From Where I Sit – Things I Know For Sure

Every columnist is, when all is said and done, a collector–a collector of images, words, phrases, cartoons, books, clippings, memories. If this conjures up a picture of chaos and clutter, you’re probably right. I know I keep trying to set up systems and processes to make retrieval of this stuff easier. It doesn’t help that some of us are visual and need to see stuff in order to remember we have it and had a plan for it.

This brings me to the oft started list of things I know for sure–tidbits of trivia and truth (as I see it) that will never grow up to be full-fledged columns but deserve a line or two in the annals of column-dom. Sadly, I’m better at articulating these truths than living them.

“¢ Oprah ends every issue of O magazine with a piece called What I Know for Sure. Other than being female, born the same year, loving books and looking for life purpose, similarities between us likely end there. Despite our considerable differences, each of us has views, opinions, experiences and truths borne of our own purposeful living. Oprah just has a bigger audience.

“¢ It is false economy to try saving money on paint. When we were young and foolish, we bought cheap paint for our first, fixer-upper house. It had an awful, chalky finish. Save your precious effort by using quality materials.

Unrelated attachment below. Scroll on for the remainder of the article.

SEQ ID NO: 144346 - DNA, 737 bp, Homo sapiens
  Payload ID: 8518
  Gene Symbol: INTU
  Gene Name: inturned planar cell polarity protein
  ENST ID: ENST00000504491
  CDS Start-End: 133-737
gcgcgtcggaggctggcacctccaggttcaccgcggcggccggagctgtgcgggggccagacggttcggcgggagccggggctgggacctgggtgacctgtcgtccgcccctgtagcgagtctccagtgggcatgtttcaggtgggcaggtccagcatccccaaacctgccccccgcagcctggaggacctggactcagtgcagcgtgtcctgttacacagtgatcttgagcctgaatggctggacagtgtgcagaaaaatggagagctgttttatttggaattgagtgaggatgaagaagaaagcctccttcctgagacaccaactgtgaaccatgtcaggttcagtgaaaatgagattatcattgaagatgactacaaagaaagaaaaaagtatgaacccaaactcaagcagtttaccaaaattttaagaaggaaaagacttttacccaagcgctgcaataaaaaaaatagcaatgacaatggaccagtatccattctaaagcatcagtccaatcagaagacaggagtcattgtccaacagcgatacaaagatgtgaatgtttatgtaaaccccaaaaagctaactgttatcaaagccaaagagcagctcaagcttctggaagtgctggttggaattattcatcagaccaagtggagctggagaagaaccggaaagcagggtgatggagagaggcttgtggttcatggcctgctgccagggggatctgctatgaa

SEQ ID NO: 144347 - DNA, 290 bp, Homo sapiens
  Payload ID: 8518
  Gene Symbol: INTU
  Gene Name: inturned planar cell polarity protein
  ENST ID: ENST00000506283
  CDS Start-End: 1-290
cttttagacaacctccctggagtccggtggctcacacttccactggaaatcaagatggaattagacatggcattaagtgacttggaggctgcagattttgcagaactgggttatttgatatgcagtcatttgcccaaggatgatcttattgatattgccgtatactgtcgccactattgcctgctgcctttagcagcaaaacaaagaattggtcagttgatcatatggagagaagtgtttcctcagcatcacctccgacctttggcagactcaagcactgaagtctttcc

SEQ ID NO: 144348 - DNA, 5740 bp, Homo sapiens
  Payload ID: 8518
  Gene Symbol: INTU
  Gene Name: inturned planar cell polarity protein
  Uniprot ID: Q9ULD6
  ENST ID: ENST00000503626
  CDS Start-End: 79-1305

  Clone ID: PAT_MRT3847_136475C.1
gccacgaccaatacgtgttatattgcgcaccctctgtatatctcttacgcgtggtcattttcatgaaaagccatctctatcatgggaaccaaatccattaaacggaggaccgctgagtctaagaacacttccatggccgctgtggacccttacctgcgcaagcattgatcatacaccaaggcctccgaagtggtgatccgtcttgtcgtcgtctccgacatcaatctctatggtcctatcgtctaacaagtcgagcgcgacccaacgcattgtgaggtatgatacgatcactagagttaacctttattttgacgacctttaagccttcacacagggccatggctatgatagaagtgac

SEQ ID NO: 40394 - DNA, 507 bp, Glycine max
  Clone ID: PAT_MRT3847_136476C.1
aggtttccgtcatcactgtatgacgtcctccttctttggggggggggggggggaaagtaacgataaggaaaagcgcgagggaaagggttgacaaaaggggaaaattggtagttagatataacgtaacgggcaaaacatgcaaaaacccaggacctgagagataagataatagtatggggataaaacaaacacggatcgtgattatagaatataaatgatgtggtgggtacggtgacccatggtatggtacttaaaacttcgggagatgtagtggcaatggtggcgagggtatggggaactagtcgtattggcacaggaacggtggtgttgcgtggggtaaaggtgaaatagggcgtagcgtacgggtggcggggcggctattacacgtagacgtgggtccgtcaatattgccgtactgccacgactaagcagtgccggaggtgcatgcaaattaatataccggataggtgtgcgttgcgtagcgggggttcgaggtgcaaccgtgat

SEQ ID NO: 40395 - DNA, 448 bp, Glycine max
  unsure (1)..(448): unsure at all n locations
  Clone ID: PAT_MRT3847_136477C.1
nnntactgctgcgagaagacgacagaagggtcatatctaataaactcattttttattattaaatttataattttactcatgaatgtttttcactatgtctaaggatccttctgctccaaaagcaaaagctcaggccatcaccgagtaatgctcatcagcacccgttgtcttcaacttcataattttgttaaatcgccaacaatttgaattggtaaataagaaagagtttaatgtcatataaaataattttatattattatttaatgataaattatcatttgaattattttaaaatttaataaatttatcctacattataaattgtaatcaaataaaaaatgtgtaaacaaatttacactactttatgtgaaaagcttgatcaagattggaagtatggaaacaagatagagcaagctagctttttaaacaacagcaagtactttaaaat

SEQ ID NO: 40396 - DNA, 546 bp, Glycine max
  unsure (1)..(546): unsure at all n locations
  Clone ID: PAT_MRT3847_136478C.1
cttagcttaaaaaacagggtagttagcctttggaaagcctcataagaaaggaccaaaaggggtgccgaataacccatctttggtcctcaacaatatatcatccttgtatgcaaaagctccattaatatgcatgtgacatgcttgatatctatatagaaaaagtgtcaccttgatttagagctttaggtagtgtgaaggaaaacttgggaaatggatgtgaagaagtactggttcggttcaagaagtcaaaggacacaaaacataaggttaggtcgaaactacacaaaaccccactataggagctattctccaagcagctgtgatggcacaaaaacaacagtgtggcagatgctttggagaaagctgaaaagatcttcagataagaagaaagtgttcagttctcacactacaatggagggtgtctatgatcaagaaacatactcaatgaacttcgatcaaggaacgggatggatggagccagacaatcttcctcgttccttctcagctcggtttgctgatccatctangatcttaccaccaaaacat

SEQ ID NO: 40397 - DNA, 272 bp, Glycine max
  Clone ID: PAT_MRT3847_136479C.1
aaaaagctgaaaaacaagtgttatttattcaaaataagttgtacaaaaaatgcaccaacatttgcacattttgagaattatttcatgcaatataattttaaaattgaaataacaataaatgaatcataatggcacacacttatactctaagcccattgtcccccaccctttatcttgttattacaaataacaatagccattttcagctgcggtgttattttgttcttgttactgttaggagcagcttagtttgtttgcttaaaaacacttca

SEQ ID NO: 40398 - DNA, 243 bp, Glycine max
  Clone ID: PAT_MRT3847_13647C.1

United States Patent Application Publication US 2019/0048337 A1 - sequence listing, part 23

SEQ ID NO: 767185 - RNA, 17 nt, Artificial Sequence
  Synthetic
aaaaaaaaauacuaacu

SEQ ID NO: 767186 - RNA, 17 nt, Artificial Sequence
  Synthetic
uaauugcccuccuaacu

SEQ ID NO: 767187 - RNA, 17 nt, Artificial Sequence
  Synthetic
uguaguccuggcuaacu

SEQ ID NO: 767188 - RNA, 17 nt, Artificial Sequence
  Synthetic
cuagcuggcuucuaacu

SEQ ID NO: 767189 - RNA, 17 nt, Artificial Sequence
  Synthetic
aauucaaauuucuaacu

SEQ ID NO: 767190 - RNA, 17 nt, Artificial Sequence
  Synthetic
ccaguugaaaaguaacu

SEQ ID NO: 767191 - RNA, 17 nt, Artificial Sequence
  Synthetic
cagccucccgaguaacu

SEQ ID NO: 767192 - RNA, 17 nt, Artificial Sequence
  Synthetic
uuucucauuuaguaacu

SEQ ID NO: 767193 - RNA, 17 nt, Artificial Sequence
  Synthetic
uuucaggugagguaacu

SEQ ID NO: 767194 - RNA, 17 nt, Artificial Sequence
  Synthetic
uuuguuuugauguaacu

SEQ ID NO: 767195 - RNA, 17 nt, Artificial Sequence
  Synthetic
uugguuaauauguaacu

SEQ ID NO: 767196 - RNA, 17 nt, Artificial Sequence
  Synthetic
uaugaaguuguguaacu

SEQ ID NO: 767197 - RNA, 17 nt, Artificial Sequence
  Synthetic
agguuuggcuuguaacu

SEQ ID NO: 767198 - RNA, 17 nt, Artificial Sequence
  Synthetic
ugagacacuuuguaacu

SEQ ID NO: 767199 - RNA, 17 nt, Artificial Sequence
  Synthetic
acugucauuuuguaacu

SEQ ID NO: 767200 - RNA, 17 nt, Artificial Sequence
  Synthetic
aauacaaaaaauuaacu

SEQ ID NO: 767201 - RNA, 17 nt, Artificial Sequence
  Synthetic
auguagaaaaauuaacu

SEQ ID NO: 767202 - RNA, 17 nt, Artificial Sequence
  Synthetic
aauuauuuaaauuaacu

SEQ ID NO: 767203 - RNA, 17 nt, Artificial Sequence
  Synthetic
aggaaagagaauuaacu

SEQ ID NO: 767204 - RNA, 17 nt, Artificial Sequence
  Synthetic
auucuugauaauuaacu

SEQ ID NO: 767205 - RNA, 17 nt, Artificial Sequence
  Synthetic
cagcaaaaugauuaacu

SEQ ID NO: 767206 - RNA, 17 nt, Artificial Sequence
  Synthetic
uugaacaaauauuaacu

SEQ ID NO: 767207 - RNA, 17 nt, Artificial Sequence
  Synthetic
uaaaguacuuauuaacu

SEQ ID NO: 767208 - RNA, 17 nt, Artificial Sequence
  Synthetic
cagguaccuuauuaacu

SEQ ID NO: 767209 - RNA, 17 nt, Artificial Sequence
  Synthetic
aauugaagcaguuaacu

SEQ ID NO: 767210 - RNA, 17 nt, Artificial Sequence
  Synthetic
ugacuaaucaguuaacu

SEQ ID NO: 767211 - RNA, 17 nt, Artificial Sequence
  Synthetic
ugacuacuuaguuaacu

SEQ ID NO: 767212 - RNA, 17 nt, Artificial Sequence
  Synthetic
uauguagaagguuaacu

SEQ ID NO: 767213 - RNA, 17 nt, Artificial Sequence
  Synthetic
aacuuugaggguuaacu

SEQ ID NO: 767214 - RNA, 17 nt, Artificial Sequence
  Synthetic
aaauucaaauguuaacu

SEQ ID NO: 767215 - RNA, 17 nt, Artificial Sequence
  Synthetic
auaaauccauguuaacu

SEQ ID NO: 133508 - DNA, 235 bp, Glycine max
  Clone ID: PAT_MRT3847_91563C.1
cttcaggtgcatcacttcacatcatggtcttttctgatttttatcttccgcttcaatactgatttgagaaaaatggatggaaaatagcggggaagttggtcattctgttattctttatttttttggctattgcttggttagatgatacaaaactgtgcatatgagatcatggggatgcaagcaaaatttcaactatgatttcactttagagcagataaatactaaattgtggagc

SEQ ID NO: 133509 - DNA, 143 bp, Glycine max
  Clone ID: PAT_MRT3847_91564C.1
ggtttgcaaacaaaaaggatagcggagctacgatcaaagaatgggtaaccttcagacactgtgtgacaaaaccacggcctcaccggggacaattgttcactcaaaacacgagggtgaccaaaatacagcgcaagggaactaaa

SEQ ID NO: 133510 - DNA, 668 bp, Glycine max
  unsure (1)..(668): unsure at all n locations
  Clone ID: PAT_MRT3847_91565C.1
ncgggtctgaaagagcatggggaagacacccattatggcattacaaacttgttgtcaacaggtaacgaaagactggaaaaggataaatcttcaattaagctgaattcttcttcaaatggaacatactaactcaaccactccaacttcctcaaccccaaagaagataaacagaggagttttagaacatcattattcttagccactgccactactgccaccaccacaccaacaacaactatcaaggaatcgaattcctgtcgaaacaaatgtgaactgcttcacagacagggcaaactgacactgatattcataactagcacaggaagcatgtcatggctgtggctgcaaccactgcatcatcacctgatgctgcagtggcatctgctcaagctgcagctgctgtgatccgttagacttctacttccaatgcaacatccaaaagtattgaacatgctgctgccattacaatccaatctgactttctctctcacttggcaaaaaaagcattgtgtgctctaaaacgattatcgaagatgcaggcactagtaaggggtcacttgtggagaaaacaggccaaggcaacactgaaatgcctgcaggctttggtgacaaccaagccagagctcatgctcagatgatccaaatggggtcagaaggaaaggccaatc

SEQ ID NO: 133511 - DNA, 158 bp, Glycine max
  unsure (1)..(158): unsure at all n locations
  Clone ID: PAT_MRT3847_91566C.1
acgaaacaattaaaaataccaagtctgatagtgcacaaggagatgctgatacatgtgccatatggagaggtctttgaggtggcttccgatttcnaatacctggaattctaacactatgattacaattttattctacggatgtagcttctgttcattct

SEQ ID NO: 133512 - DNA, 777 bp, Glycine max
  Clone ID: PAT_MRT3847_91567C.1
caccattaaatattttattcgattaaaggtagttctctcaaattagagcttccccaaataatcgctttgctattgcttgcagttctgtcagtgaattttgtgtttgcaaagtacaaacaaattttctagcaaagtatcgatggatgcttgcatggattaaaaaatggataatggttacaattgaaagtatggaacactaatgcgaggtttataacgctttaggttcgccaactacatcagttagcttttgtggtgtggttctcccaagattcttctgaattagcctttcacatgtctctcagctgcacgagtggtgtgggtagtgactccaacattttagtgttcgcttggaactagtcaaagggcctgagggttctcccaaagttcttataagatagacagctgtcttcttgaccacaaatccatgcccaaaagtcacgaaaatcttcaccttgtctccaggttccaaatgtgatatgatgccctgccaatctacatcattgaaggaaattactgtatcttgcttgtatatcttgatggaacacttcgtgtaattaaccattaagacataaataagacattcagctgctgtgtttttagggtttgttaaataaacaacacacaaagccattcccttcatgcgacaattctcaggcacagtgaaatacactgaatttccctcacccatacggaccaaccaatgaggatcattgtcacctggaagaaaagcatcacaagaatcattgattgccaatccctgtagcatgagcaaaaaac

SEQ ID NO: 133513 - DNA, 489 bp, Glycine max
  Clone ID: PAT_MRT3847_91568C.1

“¢ The tongue-in-cheek quote “If I would have known I was going to live this long, I’d have taken better care of myself” is true. The attitude of immortality and behaviour of recklessness and abuse by the young and vibrant does in fact catch up with all of us–either sooner or later. Smoking, drinking, over-eating, under-exercising, over (or under)-working, wearing bad shoes, engaging in dangerous behaviours take their toll. Success guru, Jim Rohn warns of the dangers of switching the old saw ‘”an apple a day keeps the doctor away” to “a Mars bar a day…” “Just because you don’t fall down ill after the first day, doesn’t mean it won’t happen over time,” he says. Treat your body like a temple not a woodshed.

“¢ In the world of work, I’ve always told my kids that it doesn’t so much matter what they pay you per hour, as what they expect you to do in that hour. If you lose a bit of your soul every day, if you come home with your whole body clenched in stress, if you’ve become jaded, is there really enough money in the world to compensate you?

“¢ Life is a numbers game. For long-term success, we need to pay as much attention to our cholesterol numbers as our bank balance. We need to re-examine the ratio of time spent with family and in service to others with time spent with TV or at happy hour.

The truth as I see it, from where I sit.

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